Of course that fall is only temporary. Brock eventually gets back up and when he does, he’s even scarier than before. He adapts to the attacks and he learns to overcome the pain. He always comes back and he almost always wins the next round. But this time, it’s different.

Seth Rollins did not use a weapon at SummerSlam and he didn’t deliver a low-blow. He didn’t take Lesnar by surprise and he didn’t do anything illegal when the referee wasn’t looking. Rollins walked into SummerSlam, fought Lesnar on his own terms and walked away as the new Universal champion. Seth got a clean win over Brock Lesnar and he lived to tell about it.

So what does this say about Brock? The fact that Seth met Lesnar on his own level and won, speaks volumes about The Beastslayer. It could be argued that WWE’s faith in Seth is at an all-time high and this win is proof of that. Rollins is the best of the best now, because he beat The Beast and didn’t need to bend any rule to do it.

But maybe the biggest takeaway from this match is the fact that Seth Rollins is not a Hall of Fame legend like Goldberg. He’s also not WWE’s anointed top guy, like Roman Reigns. Rollins is a high profile star that needed a win in the main event and he got it. Brock is not often asked to drop a clean pin to anyone, but he’s now done it for Seth Rollins. It’s definitely a statement on WWE’s part and it may be something more for Brock Lesnar.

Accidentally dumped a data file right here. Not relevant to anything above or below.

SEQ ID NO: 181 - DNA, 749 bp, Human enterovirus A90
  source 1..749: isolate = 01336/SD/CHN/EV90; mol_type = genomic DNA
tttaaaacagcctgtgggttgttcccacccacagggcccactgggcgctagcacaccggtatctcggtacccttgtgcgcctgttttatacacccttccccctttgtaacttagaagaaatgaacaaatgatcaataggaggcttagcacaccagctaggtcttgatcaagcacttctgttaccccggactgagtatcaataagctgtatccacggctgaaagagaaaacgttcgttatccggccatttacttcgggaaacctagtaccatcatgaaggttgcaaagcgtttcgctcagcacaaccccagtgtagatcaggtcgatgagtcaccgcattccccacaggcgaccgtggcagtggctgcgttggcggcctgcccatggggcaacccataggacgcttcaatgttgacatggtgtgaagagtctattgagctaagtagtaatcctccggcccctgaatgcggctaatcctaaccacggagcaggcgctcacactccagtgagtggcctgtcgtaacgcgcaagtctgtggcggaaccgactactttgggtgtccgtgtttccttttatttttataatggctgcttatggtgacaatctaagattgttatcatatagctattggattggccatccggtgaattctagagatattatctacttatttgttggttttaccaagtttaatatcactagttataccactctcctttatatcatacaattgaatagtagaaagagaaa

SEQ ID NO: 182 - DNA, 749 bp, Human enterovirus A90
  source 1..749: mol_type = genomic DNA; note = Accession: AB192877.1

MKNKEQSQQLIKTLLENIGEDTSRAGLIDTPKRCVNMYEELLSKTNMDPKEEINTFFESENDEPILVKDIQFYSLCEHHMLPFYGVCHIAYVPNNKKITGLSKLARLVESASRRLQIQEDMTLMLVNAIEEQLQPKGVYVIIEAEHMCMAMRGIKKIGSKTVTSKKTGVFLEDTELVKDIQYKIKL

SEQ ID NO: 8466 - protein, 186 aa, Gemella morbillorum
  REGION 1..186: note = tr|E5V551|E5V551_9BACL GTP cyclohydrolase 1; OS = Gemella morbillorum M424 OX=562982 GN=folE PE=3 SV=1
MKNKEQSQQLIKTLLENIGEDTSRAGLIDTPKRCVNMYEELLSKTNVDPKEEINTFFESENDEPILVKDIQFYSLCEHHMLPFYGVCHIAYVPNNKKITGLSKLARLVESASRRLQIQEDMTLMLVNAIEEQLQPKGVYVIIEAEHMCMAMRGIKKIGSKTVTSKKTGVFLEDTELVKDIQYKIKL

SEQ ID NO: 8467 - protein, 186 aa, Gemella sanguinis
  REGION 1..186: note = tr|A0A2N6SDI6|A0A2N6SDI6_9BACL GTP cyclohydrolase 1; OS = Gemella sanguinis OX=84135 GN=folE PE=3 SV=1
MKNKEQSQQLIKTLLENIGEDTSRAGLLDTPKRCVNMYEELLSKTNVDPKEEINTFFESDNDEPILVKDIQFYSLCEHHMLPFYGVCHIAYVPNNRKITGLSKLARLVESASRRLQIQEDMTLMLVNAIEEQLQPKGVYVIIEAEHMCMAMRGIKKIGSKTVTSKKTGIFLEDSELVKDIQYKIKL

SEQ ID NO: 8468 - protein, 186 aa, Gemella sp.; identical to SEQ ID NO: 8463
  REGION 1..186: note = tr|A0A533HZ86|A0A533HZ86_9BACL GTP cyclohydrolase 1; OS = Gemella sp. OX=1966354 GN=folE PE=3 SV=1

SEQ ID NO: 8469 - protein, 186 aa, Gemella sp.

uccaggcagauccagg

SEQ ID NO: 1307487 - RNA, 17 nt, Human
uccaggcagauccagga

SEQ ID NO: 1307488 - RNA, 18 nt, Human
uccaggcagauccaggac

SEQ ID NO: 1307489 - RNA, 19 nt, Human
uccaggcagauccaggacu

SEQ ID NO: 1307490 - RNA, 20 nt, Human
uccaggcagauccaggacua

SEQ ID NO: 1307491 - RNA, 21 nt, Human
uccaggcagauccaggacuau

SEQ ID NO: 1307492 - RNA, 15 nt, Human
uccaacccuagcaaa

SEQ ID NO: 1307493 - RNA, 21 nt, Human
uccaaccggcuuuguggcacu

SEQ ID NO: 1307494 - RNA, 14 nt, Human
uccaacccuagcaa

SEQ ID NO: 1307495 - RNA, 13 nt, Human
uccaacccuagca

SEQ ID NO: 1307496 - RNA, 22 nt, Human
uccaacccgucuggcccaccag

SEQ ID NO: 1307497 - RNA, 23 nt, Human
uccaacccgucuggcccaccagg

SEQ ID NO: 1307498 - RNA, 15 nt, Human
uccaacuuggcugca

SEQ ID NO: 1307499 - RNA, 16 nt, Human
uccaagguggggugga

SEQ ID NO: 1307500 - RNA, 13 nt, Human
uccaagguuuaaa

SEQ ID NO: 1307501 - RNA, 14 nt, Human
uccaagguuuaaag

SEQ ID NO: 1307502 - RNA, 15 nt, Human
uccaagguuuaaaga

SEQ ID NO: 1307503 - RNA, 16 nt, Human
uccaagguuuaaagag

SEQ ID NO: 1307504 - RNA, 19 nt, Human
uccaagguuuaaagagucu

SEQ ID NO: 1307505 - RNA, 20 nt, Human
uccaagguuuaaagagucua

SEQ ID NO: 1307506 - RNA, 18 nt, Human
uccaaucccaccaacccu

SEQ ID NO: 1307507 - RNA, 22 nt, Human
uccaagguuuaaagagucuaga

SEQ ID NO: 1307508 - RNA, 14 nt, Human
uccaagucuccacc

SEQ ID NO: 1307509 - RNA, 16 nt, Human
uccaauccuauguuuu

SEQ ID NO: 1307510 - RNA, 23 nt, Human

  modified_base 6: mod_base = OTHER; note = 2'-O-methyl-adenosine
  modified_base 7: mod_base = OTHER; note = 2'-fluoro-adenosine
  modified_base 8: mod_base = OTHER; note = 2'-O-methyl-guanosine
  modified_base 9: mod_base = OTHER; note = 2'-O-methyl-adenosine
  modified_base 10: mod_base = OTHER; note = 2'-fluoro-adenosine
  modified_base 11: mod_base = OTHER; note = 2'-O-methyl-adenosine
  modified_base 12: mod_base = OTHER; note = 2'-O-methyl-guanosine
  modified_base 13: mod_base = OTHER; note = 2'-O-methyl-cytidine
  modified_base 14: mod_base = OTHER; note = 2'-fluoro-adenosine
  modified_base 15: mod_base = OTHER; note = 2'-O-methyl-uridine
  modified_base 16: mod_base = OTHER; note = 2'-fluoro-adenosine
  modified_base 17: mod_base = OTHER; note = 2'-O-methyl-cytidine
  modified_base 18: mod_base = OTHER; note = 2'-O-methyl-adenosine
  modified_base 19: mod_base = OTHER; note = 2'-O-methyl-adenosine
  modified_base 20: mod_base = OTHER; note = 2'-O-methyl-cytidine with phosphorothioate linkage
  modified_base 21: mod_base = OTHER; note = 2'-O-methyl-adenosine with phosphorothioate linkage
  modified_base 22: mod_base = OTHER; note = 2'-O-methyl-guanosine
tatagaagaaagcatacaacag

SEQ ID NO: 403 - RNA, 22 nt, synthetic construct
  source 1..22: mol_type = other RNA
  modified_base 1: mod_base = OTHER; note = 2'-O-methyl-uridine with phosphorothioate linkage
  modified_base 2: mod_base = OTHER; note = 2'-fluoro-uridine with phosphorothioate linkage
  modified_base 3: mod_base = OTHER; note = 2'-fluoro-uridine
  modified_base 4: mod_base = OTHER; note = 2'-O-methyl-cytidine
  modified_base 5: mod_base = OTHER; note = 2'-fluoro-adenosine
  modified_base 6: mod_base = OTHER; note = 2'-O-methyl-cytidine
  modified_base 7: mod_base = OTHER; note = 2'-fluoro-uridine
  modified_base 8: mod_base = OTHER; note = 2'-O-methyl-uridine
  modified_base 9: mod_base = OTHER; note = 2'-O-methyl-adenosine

Is this a sign of things to come for Lesnar? While it’s completely unrealistic to believe that Lesnar will begin losing on a regular basis, it is however reasonable to assume that Brock is not the unyielding warmonger that WWE has presented. At the end of the day, he’s a performer portraying a character and doing whatever is asked of him.

Critics will continue to hate Brock for the wrong reasons and WWE will likely continue to book him for all the right reasons. Lesnar may or may not remain the invincible destroyer that fans love to hate. But it’s clear that when the time is right, Brock Lesnar will do business and that’s exactly what he’s done with Seth Rollins.

Popular opinion states that WWE has pivoted away from the top guy system, but that may not be true after all. Seth Rollins is the closest thing to being the face of the company than anyone else on the roster right now. Part of the reason for that is the work that Rollins himself has contributed. But the other part is due to Lesnar’s willingness to work with Seth and put him over when it matters the most. 

No matter what happens from this point on, the fact is that Seth Rollins will keep doing what he does best and Brock Lesnar will do the same. With any luck, fans and critics alike will recognize that and respect each man for his effort despite who wins or loses.